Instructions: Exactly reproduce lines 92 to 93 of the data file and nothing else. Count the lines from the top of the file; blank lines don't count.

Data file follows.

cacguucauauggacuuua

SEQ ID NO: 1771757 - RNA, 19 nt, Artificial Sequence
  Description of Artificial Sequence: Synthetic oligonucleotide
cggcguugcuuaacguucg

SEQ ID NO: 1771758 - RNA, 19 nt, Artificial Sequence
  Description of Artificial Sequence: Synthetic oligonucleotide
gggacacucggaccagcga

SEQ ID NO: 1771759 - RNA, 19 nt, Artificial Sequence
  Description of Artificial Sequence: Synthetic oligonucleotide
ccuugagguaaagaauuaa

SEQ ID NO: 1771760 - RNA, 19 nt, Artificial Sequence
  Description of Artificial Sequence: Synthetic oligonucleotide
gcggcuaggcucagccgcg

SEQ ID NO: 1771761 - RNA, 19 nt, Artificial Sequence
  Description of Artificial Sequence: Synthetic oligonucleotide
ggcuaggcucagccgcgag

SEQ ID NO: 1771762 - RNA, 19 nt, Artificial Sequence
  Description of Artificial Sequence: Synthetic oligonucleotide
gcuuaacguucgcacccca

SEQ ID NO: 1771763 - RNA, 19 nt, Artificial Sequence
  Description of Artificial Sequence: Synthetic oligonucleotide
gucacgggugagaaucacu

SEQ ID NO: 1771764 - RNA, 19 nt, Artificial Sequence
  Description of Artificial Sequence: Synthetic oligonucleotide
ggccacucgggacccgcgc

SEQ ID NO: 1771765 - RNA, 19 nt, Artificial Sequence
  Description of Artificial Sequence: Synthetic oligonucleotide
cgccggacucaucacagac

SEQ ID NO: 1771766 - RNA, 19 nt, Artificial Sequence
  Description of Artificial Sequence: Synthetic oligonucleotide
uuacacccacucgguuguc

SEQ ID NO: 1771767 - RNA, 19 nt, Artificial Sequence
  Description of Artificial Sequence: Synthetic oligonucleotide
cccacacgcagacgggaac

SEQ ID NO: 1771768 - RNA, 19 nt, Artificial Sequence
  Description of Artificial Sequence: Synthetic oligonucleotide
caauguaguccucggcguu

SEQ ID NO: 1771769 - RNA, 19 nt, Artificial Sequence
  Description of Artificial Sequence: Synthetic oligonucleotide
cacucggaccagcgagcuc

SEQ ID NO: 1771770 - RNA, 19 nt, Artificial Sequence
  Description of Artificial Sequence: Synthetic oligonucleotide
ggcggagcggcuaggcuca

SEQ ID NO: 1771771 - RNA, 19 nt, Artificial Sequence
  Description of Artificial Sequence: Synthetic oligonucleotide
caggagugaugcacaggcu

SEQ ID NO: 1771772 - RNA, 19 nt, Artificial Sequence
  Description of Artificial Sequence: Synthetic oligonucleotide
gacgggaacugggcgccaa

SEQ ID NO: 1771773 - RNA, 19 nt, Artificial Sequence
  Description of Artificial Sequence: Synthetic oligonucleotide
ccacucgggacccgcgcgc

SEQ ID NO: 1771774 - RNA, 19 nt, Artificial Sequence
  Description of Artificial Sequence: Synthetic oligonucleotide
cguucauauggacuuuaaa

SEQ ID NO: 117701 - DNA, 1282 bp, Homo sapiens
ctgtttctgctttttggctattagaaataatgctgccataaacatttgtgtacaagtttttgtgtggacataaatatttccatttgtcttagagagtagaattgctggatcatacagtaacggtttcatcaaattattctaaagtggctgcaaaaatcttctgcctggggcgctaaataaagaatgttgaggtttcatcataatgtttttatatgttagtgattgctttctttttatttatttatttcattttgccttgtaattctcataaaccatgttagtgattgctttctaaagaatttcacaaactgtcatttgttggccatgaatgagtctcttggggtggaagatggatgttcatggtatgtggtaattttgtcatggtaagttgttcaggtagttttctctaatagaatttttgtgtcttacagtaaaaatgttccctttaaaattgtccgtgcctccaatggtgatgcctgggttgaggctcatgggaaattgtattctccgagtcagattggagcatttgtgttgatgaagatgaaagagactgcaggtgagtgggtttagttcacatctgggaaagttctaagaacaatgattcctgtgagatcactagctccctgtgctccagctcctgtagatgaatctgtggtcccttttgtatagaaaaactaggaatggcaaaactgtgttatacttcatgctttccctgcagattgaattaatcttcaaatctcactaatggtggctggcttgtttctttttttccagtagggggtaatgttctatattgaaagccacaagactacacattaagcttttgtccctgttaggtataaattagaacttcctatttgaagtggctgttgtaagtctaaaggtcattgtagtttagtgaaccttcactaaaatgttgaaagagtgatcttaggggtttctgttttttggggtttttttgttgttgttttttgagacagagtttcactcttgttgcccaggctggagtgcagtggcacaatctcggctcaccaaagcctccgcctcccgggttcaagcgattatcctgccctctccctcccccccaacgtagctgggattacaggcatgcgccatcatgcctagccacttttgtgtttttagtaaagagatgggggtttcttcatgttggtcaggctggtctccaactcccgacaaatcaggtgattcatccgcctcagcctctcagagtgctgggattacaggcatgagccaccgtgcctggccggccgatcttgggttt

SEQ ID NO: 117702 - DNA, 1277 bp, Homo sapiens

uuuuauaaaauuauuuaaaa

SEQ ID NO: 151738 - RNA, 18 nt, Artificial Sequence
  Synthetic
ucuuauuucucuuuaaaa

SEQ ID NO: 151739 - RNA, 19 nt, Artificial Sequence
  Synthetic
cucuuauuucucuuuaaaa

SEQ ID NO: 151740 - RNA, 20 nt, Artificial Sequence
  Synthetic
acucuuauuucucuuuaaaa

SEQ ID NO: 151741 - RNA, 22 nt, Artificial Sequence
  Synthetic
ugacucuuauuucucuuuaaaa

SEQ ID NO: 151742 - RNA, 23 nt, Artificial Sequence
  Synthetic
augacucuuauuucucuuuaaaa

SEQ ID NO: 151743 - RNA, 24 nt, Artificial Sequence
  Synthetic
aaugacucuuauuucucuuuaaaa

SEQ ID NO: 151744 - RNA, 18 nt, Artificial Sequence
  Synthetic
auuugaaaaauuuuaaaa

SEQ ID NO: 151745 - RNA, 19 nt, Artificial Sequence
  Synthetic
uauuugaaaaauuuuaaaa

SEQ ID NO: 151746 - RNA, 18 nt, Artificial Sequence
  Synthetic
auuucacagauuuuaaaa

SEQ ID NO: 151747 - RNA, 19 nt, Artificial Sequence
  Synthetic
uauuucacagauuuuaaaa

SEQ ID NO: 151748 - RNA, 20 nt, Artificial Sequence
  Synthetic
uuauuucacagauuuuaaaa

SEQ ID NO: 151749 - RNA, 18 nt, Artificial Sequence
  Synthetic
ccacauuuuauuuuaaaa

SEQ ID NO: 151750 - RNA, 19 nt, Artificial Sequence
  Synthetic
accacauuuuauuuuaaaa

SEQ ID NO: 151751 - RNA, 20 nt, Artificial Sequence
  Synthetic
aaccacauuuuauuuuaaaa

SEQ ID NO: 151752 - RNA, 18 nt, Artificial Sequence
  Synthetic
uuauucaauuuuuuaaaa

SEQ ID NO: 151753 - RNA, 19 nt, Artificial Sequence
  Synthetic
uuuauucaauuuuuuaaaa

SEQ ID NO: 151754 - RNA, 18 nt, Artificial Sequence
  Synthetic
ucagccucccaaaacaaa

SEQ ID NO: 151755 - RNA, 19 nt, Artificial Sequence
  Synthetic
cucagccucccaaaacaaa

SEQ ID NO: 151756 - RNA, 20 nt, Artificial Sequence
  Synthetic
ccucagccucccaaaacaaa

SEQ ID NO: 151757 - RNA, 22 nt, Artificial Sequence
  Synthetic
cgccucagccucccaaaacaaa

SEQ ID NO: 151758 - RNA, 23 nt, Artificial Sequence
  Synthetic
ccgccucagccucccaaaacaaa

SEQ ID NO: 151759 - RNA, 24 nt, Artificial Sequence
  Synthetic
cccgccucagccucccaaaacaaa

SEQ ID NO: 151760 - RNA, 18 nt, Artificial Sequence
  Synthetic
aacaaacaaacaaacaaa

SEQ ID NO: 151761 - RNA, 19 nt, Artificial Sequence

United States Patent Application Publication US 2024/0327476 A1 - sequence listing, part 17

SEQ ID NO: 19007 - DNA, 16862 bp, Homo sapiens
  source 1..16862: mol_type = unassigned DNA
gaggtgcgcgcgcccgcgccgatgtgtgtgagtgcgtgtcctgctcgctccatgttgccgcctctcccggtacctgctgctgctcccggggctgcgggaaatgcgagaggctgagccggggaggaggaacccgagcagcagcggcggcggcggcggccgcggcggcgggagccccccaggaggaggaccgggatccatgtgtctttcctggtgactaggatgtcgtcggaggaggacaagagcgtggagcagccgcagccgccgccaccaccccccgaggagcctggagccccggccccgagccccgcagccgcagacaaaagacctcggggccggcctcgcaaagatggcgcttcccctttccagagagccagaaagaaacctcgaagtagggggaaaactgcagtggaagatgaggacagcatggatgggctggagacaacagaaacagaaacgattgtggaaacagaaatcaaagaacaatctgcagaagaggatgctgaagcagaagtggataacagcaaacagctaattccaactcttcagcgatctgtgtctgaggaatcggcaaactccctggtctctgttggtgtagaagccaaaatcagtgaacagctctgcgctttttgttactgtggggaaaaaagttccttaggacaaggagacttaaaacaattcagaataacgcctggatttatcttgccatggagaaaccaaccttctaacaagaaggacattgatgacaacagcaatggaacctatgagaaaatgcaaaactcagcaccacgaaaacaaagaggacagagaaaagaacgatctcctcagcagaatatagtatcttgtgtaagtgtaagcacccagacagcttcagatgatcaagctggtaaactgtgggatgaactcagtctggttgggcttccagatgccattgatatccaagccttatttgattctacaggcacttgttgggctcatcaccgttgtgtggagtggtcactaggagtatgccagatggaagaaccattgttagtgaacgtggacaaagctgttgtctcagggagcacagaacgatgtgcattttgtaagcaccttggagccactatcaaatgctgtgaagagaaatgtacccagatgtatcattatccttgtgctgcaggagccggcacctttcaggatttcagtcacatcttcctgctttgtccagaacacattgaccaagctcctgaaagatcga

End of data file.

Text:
uuauuucacagauuuuaaaa

SEQ ID NO: 151749 - RNA, 18 nt, Artificial Sequence